“… To distinguish the most common views in works from the Muslim tradition, scholars have employed the terms tahrif al-ma‘na, distortion of the meaning or interpretation of the words of scripture, and tahrif al-nass, falsification of the text itself. MANY Muslim writers throughout the history of Islamic scholarship have favored the FORMER conception. Other writers have championed the latter view, some of them to great effect.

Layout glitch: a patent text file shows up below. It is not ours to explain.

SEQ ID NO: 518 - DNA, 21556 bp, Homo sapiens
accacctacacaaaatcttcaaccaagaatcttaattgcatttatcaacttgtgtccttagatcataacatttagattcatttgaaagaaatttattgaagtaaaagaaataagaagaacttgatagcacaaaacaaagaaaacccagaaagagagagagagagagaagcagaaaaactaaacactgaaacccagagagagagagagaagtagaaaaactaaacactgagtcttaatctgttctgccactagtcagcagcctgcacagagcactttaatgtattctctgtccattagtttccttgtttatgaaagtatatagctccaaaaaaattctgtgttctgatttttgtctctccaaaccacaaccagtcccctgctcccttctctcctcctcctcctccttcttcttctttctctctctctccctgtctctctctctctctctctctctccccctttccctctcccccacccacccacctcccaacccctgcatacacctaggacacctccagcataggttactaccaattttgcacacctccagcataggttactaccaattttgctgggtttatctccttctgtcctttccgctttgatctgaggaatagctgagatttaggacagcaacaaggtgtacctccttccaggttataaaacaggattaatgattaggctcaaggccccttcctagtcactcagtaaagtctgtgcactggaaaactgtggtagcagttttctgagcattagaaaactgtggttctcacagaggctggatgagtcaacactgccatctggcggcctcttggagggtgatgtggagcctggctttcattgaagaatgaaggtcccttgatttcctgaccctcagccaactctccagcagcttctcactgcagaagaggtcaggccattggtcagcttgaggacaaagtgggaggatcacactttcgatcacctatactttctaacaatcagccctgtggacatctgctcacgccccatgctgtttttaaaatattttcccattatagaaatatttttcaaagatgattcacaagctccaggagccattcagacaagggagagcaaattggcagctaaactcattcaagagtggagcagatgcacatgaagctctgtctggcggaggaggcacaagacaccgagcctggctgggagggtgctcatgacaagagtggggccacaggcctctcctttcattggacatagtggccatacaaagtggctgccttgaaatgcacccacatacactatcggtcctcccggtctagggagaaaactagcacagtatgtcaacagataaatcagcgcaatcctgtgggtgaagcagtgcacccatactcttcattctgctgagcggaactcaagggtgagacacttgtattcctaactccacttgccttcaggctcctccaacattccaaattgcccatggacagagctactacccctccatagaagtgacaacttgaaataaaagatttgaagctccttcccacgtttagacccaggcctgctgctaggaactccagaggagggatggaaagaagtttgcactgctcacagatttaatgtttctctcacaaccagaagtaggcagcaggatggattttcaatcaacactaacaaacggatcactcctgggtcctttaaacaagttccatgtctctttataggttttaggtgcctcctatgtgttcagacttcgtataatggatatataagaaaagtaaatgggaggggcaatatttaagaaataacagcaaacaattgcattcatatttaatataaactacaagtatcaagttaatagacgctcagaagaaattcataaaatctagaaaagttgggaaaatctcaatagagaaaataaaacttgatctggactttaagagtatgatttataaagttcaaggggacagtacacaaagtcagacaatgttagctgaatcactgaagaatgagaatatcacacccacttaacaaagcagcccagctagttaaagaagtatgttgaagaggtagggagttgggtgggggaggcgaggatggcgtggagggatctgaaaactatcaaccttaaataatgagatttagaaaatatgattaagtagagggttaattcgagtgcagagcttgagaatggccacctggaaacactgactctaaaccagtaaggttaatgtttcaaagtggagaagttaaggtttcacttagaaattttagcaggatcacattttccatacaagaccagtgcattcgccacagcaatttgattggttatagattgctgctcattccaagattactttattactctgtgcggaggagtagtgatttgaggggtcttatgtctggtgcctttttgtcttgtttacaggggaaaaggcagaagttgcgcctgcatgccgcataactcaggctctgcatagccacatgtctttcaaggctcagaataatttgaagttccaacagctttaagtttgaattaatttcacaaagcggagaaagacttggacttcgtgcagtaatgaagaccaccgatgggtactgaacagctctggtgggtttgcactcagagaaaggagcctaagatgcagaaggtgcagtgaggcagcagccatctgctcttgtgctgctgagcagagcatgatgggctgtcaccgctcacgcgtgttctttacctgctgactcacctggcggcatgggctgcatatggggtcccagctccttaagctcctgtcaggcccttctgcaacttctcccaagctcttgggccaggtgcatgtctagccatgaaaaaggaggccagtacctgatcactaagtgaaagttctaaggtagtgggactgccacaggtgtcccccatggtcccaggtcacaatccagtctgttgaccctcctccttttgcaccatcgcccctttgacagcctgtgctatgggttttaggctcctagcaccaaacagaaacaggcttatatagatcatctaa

“As a representative of the view of tahrif al-ma‘na, a number of scholars have highlighted the approach of al-Qasim ibn Ibrahim. Thought a work of polemic, and written relatively early (9th C.), his ‘Refutation of the Christians’ envisioned corruption to the interpretation of the Bible, BUT NOT TO THE TEXT ITSELF. Ibn Qutayba also viewed the Torah as a revealed scripture and an historical source.72 The historian Ibn Khaldun, in a famous statement near the beginning of his Muqaddimah, wrote that ‘thorough scholars’ CANNOT accept the statement that Jesus altered the Torah, ‘since custom prevents people who have a (revealed) religion from dealing with their divine scriptures in such a manner.’73 If tampering had taken place in relation to the text of the Torah, IT IS CONFINED TO ITS INTERPRETATION.74 Another relatively late medieval writer who favored ‘alteration of the sense’ over corruption of text was Burhan al-Din al-Biqa‘i (d. 884/1480) in his al-Aqwal al-qawima fi hukm al-naql min al-kutub al-qadima.75 Muslim writers who took the approach of tahrif al-ma‘na, including Ibn Qutayba and al-Biqa‘i, were more likely to search the Jewish and Christian scriptures for passages which could be read as prophecies of the mission of Muhammad.